babarnett: (farscape aeryn genius)

Three quick flash-related things:

Flash thing the first:
My flash story "The Perfect Coordinates to Raise a Child" is now up at Daily Science Fiction. You know, for you heathens who missed it in your inbox two weeks ago because you don't subscribe.

Flash thing the second:
I'm on deck at the Star-Dusted Sirens blog this week babbling about Flashing vs. Showing Us Your Shorts. Your short stories, that is.

Flash thing the third:

You're welcome.

babarnett: (firefly shiny kaylee)

Wow, over a month since my last post. I've been more swamped with real life than I thought! While I could definitely use a ton more spare hours in my day, shiny writing-related things have still been afoot amid the craziness:

Shiny #1: Flashing! My story "The Swan Maiden" is now out in the current issue of Flash Fiction Online—the first issue put out under the leadership of FFO's shiny new publisher, Anna Yeatts.

Shiny #2: More flashing! If you’re a Daily Science Fiction subscriber, my flash story "The Perfect Coordinates to Raise a Child" will be showing up in your inbox tomorrow (October 8). And if you’re not a Daily Science Fiction subscriber, the story will be available on their website a week later. Or you could, you know, subscribe.  Because it's free. And awesome.

Shiny #3: I haz writing group, let me show you it. A few months ago, some other fine folks and I started The Star-Dusted Sirens, and now we have a blog where we shall babble about shiny writing-related things! We're also on Twitter @StarDustSirens. Please check us out if you have a chance, if only to see the pretty logo that Katana Leigh created for us. Or you can take part in fellow Siren Naima Johnson's contest to rewrite the first paragraph of Twilight.

Shiny #4: And last but not least, I've finally gotten back to revisions on My Big Fat Epic Fantasy Novel! They're very slow going thanks to that pesky school thing I've got going on, but I'll take whatever forward progress I can manage at this point.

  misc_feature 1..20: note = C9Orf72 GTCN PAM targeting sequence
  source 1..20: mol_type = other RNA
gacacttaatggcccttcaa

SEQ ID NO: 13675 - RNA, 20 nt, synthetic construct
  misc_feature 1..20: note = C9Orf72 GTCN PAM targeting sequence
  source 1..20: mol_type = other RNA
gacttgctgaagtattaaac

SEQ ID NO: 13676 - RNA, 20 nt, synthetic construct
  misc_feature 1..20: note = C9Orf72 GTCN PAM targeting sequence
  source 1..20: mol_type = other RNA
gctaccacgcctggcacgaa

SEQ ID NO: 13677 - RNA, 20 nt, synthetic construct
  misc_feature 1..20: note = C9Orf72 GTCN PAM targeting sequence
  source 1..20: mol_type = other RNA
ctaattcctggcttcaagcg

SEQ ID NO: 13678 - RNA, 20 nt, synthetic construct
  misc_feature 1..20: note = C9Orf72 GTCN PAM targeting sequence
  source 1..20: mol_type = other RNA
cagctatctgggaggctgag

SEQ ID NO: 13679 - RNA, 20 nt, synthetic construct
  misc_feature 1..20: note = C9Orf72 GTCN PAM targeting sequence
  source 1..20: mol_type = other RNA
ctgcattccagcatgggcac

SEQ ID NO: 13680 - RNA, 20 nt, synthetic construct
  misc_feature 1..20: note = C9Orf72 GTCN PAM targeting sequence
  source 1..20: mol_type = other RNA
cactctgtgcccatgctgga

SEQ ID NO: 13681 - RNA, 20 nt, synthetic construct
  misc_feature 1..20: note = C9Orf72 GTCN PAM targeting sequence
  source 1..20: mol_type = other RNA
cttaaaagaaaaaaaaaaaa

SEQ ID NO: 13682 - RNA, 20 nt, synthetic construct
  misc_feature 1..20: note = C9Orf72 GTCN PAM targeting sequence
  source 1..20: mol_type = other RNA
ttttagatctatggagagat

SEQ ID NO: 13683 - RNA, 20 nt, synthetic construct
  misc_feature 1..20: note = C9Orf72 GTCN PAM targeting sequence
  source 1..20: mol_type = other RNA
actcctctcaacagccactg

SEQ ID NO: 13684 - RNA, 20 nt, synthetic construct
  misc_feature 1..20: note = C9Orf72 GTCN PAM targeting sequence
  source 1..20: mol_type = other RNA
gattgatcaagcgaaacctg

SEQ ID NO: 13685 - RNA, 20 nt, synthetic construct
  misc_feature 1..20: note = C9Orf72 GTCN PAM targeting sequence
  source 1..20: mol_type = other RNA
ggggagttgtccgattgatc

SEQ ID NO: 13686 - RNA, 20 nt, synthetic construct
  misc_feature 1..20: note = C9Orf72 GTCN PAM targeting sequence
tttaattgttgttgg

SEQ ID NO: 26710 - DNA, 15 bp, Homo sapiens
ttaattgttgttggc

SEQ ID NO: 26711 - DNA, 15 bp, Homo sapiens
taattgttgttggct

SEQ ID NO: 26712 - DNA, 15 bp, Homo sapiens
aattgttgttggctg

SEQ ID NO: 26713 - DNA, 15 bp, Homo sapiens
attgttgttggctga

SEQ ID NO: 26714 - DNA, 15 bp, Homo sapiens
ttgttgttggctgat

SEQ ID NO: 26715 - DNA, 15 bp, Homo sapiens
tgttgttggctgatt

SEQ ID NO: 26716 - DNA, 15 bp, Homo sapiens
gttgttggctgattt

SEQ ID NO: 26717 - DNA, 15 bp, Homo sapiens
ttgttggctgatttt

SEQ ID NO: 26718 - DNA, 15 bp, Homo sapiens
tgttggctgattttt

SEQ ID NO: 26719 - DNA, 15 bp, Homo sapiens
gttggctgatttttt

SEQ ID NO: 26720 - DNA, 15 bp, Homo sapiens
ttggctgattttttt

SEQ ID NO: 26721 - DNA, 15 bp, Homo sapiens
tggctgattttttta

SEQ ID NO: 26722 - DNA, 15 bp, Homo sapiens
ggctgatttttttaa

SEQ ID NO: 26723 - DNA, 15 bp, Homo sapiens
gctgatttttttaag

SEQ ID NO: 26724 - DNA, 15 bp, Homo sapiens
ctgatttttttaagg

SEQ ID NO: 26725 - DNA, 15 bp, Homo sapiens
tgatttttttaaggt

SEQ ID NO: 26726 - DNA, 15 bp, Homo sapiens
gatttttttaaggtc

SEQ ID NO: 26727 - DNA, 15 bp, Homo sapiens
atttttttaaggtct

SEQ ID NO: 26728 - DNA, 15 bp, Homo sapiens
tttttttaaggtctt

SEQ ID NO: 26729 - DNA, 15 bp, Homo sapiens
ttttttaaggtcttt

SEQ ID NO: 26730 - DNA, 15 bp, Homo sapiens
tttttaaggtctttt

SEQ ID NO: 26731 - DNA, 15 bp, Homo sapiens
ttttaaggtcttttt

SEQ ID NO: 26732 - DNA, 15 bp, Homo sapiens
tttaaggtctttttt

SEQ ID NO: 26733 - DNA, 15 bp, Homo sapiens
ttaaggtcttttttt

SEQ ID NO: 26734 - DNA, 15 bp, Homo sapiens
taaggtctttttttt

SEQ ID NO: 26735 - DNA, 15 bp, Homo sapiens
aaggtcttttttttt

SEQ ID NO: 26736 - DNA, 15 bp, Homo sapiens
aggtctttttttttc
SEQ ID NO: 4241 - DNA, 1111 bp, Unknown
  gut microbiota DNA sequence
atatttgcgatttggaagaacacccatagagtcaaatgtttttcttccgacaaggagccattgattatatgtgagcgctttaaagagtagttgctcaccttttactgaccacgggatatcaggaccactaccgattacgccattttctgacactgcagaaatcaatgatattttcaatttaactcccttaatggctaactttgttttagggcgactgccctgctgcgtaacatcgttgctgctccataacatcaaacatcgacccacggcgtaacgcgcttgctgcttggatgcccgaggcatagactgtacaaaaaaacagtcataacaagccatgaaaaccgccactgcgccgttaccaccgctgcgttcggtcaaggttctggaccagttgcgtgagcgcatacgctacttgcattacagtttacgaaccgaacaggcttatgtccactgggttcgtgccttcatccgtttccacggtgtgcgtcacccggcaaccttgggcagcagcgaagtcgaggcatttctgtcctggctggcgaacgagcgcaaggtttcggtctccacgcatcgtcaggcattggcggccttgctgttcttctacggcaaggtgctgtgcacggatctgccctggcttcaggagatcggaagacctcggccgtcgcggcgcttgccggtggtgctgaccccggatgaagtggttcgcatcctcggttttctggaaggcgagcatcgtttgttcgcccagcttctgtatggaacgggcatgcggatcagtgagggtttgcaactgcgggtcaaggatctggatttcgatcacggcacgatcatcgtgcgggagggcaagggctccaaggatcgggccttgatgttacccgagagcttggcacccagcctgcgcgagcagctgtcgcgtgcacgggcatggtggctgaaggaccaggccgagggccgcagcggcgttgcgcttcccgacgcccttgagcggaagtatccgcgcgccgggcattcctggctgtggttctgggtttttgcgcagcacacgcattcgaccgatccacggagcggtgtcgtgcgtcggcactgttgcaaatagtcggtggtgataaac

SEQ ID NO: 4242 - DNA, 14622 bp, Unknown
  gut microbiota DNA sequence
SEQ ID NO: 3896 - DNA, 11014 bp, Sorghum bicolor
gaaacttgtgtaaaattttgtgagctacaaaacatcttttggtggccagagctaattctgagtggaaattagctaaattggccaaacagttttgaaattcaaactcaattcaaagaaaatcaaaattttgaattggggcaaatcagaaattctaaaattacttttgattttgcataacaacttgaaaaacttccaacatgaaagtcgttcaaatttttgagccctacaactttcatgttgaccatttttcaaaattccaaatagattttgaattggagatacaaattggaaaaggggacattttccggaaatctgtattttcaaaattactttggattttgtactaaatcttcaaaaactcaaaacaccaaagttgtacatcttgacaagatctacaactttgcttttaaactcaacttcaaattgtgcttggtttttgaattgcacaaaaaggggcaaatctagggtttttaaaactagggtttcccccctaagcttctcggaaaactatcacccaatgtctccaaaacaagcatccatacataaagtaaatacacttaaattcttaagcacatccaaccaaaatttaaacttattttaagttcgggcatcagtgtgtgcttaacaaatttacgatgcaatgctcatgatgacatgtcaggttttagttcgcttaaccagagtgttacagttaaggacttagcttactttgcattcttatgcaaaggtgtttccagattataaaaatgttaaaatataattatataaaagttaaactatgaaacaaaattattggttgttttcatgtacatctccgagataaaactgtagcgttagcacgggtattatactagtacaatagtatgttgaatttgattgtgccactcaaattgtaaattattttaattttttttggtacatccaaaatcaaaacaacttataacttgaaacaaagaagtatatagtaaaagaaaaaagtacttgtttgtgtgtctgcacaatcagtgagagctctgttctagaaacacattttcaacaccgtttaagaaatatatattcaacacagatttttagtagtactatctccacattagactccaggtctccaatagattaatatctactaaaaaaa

babarnett: (edna the incredibles)
*finally resurfaces from the Sea Of Too Much Else To Do*

I finished with my second semester of grad school about a week and a half ago (and totally rocked it, by the way), which means I get to be a writer again! And read things that aren't for class! Wheeeee! And now that I've caught up on some other pesky real life things, it looks like I should actually have time for that whole blogging thing again too.

So, the state of writerly me: Before the semester started, I was pretty darn productive on the writing front--one novelette revised and sent out the door, one flash story written and sent out the door, and three flash/short story drafts written. Then the schoolwork tsunami struck, along with a new routine to get used to in February when I started a part-time fellowship in an orchestra library (which has been awesome), so there was a while there where I didn't feel like much of a writer (an assessment my writerly success ratio seems to agree with lately). But now that I don't have any grad school-related work to worry about until the fall, I get to reacquaint myself with the world of reading and writing fiction--something I look forward to with huge heaps of geekish joy.


babarnett: (dr. horrible ahhhh)

Wow, it's been a while, huh? I guess it's time I stop with the "I'll blog more, I promise" stuff and accept the fact that a regular blogging routine is probably not going to happen for the duration of my time in grad school. When it comes to establishing priorities, there are just too many things that win out over blogging at present--fiction writing, classwork, day job, musical endeavors, exercise, and sparing some moments to remind myself that I have friends and family.